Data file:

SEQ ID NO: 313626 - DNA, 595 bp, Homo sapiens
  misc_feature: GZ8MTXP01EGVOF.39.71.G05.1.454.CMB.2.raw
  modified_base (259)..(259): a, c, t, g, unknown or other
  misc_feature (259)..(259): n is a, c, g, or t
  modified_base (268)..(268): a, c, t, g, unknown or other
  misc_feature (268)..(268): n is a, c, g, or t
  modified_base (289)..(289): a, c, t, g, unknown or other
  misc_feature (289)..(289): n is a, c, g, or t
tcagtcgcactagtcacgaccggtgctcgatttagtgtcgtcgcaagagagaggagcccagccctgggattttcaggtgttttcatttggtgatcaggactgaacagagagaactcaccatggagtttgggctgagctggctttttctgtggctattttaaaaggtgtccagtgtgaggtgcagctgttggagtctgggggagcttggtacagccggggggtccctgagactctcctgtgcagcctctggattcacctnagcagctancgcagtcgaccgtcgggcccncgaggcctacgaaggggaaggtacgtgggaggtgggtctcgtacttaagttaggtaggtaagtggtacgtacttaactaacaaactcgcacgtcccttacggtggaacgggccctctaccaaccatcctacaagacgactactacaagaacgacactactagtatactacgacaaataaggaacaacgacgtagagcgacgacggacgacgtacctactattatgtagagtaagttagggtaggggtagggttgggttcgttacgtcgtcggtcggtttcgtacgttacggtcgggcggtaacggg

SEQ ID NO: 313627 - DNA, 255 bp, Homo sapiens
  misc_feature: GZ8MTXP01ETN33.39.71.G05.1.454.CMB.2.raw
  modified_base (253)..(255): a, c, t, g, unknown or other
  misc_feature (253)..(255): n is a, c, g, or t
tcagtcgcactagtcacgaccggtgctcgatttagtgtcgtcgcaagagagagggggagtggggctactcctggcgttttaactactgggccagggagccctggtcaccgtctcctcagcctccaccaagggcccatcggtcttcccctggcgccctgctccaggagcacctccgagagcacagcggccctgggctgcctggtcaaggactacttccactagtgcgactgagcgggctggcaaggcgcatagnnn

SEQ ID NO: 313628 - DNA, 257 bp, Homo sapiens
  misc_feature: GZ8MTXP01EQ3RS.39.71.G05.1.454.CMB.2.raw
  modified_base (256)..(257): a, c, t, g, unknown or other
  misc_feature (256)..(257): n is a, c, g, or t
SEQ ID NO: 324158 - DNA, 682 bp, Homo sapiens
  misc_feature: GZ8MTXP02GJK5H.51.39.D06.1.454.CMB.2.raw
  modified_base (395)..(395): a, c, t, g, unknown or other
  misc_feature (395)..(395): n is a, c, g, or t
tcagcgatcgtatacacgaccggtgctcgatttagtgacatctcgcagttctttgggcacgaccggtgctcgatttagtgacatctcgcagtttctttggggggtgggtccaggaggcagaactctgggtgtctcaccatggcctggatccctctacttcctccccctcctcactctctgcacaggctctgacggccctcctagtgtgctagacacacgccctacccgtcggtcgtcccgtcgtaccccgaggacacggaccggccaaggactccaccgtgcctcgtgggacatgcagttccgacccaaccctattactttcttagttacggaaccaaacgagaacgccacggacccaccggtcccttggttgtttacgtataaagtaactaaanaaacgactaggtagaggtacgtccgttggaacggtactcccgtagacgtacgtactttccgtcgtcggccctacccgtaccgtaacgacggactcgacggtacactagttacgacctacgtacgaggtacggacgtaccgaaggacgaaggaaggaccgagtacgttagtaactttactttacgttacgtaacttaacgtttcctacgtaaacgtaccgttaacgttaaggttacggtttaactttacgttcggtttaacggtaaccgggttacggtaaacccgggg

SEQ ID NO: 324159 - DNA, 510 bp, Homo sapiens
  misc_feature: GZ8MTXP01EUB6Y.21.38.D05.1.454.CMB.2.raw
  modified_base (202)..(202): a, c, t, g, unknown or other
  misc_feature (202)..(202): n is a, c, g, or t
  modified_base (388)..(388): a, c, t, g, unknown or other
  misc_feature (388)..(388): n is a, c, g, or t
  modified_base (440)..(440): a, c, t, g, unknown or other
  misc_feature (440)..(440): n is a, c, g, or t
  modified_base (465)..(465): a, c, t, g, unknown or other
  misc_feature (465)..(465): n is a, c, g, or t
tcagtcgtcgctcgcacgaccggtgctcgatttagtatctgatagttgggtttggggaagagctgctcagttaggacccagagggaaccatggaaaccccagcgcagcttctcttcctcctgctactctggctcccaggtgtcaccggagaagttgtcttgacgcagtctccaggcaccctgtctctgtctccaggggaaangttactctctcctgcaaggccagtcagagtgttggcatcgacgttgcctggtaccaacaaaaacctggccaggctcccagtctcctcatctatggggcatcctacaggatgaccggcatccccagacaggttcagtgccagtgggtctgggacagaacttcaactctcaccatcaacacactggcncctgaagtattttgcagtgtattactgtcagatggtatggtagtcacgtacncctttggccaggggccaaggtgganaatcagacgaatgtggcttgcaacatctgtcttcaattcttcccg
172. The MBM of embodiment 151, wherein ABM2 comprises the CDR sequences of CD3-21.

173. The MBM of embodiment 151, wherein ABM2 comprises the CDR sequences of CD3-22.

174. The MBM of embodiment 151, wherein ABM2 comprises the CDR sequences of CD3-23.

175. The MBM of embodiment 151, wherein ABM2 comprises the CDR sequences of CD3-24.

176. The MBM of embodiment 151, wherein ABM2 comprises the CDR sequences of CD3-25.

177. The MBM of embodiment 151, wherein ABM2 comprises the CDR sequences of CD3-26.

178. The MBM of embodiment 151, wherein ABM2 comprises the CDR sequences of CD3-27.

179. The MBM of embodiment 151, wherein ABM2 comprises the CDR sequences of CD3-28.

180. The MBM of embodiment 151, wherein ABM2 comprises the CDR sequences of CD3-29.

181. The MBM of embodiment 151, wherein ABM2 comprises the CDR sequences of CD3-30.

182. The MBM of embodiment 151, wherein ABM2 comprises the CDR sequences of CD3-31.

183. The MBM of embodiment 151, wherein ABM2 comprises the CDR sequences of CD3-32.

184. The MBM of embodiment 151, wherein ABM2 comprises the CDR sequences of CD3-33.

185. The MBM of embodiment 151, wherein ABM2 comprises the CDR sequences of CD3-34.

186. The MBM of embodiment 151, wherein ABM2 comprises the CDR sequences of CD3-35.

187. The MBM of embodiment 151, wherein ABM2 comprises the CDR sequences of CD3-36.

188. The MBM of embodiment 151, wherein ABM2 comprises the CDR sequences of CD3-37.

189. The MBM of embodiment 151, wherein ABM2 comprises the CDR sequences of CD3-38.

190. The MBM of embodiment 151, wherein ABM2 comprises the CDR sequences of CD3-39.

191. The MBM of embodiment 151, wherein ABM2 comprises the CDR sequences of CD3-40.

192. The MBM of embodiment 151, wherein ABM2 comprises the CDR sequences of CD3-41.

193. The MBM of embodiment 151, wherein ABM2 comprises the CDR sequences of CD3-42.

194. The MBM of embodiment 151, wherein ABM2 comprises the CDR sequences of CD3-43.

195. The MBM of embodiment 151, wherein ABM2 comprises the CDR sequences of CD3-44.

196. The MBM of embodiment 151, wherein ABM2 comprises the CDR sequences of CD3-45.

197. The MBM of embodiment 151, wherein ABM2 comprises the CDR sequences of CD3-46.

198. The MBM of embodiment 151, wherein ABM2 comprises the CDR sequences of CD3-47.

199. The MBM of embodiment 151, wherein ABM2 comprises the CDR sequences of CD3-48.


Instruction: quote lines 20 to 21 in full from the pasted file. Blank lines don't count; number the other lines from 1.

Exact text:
  misc_feature: GZ8MTXP02GJK5H.51.39.D06.1.454.CMB.2.raw
  modified_base (395)..(395): a, c, t, g, unknown or other